The Connecticut Yankee in the Twentieth Century: Travel to the Past in Science Fiction

The Connecticut Yankee in the Twentieth Century: Travel to the Past in Science Fiction

The Connecticut Yankee in the Twentieth Century: Travel to the Past in Science Fiction

The Connecticut Yankee in the Twentieth Century: Travel to the Past in Science Fiction

Synopsis

The first examples of travel to the past appear early in the 19th century, but it was not until the publication of Mark Twain's A Connecticut Yankee in King Arthur's Court that we see a hero taking advantage of a combination of hindsight and advances in technology to build an empire in the past. Concentrating on travel to the past, this study details, both in Twain's seminal work and in its science fiction successors, the various roles played by the traveller to the past--nostalgic, tourist, imperialist, Oedipal hero and existential isolate--and attempts to relate these roles both to the rest of Twain's work and to the world-view of contemporary America.

Excerpt

Life being all too short, I have not tried to read every piece of fiction in English dealing with travel to the past; nor have I referred to most of those I have read. What I have included are those things I have found useful; I make no pretense to exhaustiveness. Since my interest is in ideas rather than in bibliographic or textual criticism, I have used those editions that were at hand or easily available, in spite of my awareness that editions of science fiction are often fleeting and temporary things. Because I hate endnotes and publishers despise footnotes, I have referred in the text to the list of Works Cited at the end of the book. When I have cited such standard works as The Decline and Fall of the Roman Empire or A Connecticut Yankee in King Arthur's Court, unless there is a particular reason, I have mentioned chapter number only; and when, in passing, I have nodded respectfully at the travels of Gulliver, the wake of Finnegan, or the afterlife of Dante, I have generally trusted the common culture of the community and spared myself, the reader, and the typesetter.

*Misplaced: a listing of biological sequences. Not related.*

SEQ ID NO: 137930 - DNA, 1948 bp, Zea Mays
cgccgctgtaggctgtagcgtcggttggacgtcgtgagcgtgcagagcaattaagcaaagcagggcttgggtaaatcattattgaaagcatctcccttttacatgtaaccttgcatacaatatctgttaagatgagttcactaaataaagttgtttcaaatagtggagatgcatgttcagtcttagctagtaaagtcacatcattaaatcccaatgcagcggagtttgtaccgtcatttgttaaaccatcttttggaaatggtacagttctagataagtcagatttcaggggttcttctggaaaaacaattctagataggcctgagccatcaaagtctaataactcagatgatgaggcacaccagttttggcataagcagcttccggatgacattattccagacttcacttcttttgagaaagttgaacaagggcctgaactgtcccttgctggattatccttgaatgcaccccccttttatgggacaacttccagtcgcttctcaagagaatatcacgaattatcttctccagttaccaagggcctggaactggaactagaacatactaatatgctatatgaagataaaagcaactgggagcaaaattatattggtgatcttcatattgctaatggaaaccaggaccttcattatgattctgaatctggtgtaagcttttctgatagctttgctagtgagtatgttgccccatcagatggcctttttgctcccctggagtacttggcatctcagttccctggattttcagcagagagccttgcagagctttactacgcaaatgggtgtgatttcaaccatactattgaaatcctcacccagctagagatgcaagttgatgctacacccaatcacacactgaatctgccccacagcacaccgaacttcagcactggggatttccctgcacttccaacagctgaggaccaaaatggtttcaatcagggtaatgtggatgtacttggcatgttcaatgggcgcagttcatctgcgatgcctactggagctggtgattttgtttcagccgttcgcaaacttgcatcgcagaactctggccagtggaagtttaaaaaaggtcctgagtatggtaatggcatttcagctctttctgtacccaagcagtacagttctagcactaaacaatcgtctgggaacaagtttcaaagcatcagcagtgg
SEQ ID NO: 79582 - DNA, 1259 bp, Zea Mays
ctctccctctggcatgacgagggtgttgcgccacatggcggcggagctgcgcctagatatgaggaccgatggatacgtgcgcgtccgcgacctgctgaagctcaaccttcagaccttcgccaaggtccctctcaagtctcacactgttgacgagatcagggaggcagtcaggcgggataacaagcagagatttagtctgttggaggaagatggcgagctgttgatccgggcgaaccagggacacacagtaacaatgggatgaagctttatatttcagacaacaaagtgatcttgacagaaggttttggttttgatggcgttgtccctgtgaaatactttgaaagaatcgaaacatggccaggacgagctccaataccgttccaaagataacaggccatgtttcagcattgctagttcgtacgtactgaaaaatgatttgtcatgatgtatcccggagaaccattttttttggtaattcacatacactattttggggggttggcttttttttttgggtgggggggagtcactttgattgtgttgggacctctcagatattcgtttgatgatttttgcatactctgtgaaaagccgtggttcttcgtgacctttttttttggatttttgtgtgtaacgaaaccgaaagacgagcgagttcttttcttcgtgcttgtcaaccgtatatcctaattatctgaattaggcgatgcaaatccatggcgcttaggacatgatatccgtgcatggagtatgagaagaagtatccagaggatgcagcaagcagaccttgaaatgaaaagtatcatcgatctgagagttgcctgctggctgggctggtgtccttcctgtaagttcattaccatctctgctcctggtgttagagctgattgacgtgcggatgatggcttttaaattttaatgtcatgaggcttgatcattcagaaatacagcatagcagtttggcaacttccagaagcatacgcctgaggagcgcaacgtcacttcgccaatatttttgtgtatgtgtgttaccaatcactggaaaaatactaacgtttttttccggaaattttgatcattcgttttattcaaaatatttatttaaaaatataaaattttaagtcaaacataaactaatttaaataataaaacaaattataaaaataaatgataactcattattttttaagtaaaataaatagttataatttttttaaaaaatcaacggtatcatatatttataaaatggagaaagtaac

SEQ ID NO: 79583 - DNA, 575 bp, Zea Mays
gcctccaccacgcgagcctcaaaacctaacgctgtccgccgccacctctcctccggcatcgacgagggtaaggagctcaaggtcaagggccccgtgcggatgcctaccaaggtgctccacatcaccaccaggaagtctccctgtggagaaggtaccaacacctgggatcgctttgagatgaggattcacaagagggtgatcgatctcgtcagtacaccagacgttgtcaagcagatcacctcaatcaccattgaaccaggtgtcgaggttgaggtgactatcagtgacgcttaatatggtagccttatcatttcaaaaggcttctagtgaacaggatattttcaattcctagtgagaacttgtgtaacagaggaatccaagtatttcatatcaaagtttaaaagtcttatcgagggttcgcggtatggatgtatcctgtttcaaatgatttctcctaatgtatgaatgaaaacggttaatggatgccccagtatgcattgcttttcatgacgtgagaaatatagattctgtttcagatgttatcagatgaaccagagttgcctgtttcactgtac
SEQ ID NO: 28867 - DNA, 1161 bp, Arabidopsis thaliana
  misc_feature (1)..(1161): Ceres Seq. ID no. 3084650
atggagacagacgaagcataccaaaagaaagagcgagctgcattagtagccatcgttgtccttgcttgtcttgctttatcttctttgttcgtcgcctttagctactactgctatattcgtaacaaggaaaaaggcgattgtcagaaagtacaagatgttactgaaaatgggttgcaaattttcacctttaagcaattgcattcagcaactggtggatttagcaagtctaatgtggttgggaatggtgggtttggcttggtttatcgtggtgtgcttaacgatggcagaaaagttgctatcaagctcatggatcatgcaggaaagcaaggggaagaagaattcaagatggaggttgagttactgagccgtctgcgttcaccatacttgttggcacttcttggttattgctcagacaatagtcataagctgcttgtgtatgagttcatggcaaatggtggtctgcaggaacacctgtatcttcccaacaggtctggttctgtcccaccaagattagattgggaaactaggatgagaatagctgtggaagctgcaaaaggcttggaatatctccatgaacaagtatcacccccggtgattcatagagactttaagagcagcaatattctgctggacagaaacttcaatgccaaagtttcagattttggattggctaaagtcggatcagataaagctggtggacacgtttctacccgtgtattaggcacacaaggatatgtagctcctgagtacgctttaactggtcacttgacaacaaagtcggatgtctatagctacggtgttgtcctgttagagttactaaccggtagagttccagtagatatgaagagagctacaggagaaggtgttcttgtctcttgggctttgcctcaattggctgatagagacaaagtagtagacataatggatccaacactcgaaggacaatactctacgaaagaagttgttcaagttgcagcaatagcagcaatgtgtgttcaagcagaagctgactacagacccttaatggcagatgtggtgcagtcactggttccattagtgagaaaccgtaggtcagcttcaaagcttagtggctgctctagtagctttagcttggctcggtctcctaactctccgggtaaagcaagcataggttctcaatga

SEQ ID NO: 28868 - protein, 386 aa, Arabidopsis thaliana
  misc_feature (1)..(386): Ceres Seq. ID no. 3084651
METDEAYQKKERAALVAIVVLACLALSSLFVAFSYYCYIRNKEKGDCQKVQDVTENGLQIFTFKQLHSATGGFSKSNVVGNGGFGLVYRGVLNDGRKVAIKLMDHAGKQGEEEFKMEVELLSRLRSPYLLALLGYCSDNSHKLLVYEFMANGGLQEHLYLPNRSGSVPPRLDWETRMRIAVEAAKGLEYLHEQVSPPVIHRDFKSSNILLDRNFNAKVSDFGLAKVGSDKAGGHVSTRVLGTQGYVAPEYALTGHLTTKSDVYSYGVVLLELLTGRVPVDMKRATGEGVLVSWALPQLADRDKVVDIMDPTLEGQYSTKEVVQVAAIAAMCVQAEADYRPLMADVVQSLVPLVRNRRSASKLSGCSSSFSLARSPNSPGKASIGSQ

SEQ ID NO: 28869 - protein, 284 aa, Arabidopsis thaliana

When no confusion can result, I have used commonly understood short forms in text and works cited: SF for science fiction; ASF for Astounding Science Fiction and its later avatar Analog Science Fact/Science Fiction; Amazing for Amazing Stories; F&SF for The Magazine of Fantasy and Science Fiction; IASFM for Isaac Asimov's Science Fiction Magazine; and, according to whim and rhythm, Yankee or Connecticut Yankee for A Connecticut Yankee in King Arthur's Court. ("Yankee" refers to Hank Morgan, "Yankee" to the book.)

There turns out to be no space for an extensive and annotated bibliography of SF about travel to the past, articles about SF about travel to the past, and the like; I have saved all that material and am in the process of compiling an additional (bibliographic) volume on the subject.

I am greatly indebted to many people and groups of people: to the College of Sciences and Liberal Studies . . .

Search by... Author
Show... All Results Primary Sources Peer-reviewed

Oops!

An unknown error has occurred. Please click the button below to reload the page. If the problem persists, please try again in a little while.